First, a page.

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My Niece Left College and Owes Them Money But Wants Her Transcript

Written by Steve Rhode

Question:

Dear Steve,

I am inquiring for my niece. She attended a college in Tallahassee and they will not release her transcript due to a debt they says she owes. She was 7 months pregnant when it became difficult for her to continue. She did not officially withdraw from the classes. She is wanting to finish her education, 7 years later (6 classes short of her degree). She has tried repeatedly to contact the school to resolve the issue. She is no longer in Tallahassee.

What are her recourses?

Cynthia

Answer:

Dear Cynthia,

It sounds like she withdrew but after the withdrawal period or she might have informed them she was withdrawing. That can result in a debt directly owed to the school.

To get her transcript she would need to resolve the debt or pay it. The school can withhold the transcript in exchange for money owed to them.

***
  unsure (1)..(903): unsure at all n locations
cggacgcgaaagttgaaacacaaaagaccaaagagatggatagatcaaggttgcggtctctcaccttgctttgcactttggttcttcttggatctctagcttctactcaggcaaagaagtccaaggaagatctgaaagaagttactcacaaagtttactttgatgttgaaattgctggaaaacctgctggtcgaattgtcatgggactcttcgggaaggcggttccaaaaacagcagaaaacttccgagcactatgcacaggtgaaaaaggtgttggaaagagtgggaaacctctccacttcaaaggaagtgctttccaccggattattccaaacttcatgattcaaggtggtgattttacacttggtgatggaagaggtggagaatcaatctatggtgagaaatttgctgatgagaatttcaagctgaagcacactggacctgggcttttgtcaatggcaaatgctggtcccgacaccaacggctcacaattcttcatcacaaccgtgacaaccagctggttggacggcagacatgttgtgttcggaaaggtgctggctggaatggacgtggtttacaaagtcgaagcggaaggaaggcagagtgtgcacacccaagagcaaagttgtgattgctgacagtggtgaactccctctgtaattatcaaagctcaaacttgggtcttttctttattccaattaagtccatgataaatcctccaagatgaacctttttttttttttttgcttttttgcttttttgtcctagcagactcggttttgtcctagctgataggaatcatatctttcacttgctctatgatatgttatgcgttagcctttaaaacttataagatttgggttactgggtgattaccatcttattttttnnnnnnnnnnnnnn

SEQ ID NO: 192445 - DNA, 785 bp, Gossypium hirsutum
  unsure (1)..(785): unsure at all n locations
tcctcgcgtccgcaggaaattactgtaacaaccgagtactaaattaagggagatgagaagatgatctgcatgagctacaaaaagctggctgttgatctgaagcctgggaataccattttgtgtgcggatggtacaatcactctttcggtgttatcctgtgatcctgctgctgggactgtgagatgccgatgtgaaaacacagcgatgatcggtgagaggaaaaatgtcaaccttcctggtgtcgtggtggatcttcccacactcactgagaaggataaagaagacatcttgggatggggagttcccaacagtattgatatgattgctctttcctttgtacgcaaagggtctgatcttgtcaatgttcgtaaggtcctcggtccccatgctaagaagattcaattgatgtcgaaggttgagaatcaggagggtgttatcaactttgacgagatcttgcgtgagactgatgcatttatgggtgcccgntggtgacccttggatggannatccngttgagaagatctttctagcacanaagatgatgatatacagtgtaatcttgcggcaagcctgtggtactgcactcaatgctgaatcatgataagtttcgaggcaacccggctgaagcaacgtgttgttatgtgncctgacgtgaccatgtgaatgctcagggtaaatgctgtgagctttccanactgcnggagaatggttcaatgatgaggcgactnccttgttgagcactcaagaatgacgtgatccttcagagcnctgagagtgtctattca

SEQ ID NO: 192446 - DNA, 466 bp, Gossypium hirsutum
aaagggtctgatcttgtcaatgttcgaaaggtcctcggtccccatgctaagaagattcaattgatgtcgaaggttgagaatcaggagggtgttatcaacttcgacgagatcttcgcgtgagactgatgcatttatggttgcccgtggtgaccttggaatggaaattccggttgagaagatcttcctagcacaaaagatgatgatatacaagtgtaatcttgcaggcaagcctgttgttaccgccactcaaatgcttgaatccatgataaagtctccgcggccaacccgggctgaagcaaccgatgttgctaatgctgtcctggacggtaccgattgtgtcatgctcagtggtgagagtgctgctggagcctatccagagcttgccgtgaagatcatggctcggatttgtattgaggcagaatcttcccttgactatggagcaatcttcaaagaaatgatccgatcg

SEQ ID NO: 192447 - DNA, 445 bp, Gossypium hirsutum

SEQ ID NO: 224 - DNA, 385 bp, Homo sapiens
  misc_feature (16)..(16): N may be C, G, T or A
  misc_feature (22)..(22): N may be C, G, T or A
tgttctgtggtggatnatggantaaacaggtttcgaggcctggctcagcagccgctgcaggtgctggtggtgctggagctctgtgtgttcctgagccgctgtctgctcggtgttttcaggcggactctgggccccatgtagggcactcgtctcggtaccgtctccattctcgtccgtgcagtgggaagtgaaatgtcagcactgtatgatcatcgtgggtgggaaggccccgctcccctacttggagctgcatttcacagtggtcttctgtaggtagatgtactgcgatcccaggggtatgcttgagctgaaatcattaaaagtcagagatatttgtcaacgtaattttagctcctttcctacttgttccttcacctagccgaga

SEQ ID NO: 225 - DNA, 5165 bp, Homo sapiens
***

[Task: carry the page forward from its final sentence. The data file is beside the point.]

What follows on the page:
One alternative is she can file bankruptcy, discharge the debt she owes the school, and her transcript would be eligible for release.

I’m not sure what school your niece went to but as an example, the University of Florida states, “UF transcripts cannot be released until all UF obligations are satisfied.”

Your niece may be able to get an unofficial copy of her transcript under Family Educational Rights and Privacy Act (FERPA) but the school does not have to provide a copy of school records unless your niece lives a great distance away from the school. FERPA only applies to schools who receive funds under programs the U.S. Department of Education is responsible for. Under FERPA, “Parents or eligible students have the right to inspect and review the student’s education records maintained by the school. Schools are not required to provide copies of records unless, for reasons such as great distance, it is impossible for parents or eligible students to review the records. Schools may charge a fee for copies.” – Source

READ  While homeless I defaulted on my student loans. I can't get my transcripts to start over.

No school is required to accept an unofficial transcript for transfer credits.

Ultimately the easiest solution here is to either pay the money owed the college or come to a mutually agreeable repayment plan that could give her an official copy of her transcript now.

Sincerly,
Steve

You are not alone. I'm here to help. There is no need to suffer in silence. We can get through this. Tomorrow can be better than today. Don't give up.





About the author

Steve Rhode

Steve Rhode is the Get Out of Debt Guy and has been helping good people with bad debt problems since 1994. You can learn more about Steve, here.

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